What a Crescent is meant to look like…

So obviously I had a go and, inevitably, my version look utterly crap. Big and puffy, with all the filling oozed out, like I’ve made some cheesy sausage roll from my Mum’s 1970s M&S Picnic Cookbook. But do not be deceived, for this swirly ugly mass is a thing of caramelised unctuous gorgeous heaven.

…and the homemade version!

Instead of the cinnamon filling that is traditional, I used an almond version called remonce, the type used in Danish pastries and Mandelbullar (almond buns). The almond actually comes from marzipan, creamed with heart-stopping quantities of butter and sugar, so imagine this: Sweet dough baked golden in a puddle of marzipanny-buttery caramel. Then think of the illicit pleasure of peeling the leaked caramelised butter-almond off the paper in shards, shovelling them in your mouth before your 2 year old sees and wants them for himself.

Then imagine a chocolate version. Dear God.

Roll your dough out more thinly that you’d expect, and you might succeed in making crescents that are slightly better looking than mine. These freeze well so any that don’t get eaten can be stashed for future breakfasts, brunches or midnight feasts.

Almond crescents
Makes 32 crescents. Recipe adapted from various things in The Nordic Baking Book by Magnus Nilsson.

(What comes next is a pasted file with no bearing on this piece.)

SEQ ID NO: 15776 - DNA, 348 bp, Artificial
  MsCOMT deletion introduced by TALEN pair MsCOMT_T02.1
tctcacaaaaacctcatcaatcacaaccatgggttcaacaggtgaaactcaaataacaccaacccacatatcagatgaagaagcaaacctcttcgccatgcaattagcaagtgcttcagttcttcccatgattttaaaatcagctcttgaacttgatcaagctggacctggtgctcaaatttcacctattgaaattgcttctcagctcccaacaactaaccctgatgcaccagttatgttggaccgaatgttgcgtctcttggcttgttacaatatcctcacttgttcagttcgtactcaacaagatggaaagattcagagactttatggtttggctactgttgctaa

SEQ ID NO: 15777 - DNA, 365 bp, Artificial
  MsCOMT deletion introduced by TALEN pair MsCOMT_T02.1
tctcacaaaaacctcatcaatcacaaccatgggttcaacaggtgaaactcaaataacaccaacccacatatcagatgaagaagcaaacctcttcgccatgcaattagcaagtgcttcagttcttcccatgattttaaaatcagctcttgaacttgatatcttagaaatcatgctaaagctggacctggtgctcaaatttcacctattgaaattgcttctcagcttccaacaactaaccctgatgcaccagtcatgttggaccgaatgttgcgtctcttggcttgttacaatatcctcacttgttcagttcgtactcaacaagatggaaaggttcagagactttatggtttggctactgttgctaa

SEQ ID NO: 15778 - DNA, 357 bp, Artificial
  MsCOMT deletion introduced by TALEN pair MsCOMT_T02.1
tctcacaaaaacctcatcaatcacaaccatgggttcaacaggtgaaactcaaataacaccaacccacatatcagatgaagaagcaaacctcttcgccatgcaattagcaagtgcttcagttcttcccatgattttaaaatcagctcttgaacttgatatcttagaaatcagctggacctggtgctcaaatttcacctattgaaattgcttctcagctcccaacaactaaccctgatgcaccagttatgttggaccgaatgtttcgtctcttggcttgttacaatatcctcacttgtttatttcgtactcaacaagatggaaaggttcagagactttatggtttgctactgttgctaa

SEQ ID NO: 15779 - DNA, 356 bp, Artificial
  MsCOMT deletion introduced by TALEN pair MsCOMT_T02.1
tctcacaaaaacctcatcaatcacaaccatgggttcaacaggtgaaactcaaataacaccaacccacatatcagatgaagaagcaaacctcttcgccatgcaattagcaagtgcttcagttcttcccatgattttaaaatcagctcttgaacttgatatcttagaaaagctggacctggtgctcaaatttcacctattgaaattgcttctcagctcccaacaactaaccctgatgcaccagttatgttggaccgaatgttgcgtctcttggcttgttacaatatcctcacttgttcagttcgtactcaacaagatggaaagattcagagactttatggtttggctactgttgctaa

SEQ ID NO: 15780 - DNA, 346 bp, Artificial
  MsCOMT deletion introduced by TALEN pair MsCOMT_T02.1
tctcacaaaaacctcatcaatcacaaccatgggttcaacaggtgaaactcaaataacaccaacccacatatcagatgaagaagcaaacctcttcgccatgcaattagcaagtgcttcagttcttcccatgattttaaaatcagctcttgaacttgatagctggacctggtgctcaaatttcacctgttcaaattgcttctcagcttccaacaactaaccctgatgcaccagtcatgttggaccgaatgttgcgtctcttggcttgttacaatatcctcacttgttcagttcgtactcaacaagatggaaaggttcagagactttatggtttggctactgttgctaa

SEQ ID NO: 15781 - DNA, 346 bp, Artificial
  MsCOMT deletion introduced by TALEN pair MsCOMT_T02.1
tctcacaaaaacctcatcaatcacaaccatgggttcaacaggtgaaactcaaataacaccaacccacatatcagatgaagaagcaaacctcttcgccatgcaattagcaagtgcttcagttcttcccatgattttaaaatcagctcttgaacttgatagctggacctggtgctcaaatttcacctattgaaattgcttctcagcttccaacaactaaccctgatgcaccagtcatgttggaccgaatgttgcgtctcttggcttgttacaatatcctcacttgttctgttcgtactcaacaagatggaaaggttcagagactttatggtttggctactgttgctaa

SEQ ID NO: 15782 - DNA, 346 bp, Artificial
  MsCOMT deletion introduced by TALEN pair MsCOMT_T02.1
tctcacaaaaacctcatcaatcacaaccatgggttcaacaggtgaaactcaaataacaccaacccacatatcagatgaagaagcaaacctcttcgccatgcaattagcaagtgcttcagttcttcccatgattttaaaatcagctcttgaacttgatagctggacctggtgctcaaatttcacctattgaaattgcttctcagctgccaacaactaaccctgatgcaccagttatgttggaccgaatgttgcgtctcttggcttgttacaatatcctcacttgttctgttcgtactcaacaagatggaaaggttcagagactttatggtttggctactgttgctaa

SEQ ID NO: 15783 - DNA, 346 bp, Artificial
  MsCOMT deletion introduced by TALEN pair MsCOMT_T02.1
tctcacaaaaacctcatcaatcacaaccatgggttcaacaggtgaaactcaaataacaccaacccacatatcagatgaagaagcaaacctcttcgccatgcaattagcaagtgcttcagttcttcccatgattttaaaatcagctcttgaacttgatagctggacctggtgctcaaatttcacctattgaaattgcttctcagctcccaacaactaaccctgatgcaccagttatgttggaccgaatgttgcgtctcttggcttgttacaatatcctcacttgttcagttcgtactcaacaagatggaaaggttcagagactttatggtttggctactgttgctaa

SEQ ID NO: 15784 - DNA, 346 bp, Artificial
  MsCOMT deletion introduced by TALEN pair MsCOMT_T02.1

For the dough:
320ml milk
150g unsalted butter
1 heaped teaspoon ground cardamon
15g dried yeast
1 egg
125g caster sugar
1 teaspoon fine salt
750g strong wheat flour

In a jug in the microwave, melt the butter into the milk then leave to cool slightly. In a large bowl, place the salt, the flour, the yeast and cardamon (in that order so that the yeast and salt don’t come into contact with each other) and mix thoroughly with a scraper. Whisk the egg into the milk mixture, then tip the lot into the flour and mix to combine. Once you have a sticky mass, tip onto the work surface and knead for a good 10 minutes until you have a soft, elastic dough. Or you can use a stand mixer if you have one. Don’t stint on the kneading, this dough needs it! Shape the dough into a ball, put back in the bowl and cover with a tea towel. Leave to prove for about 2 hours or so, until really risen and puffy. Meanwhile, make your filling: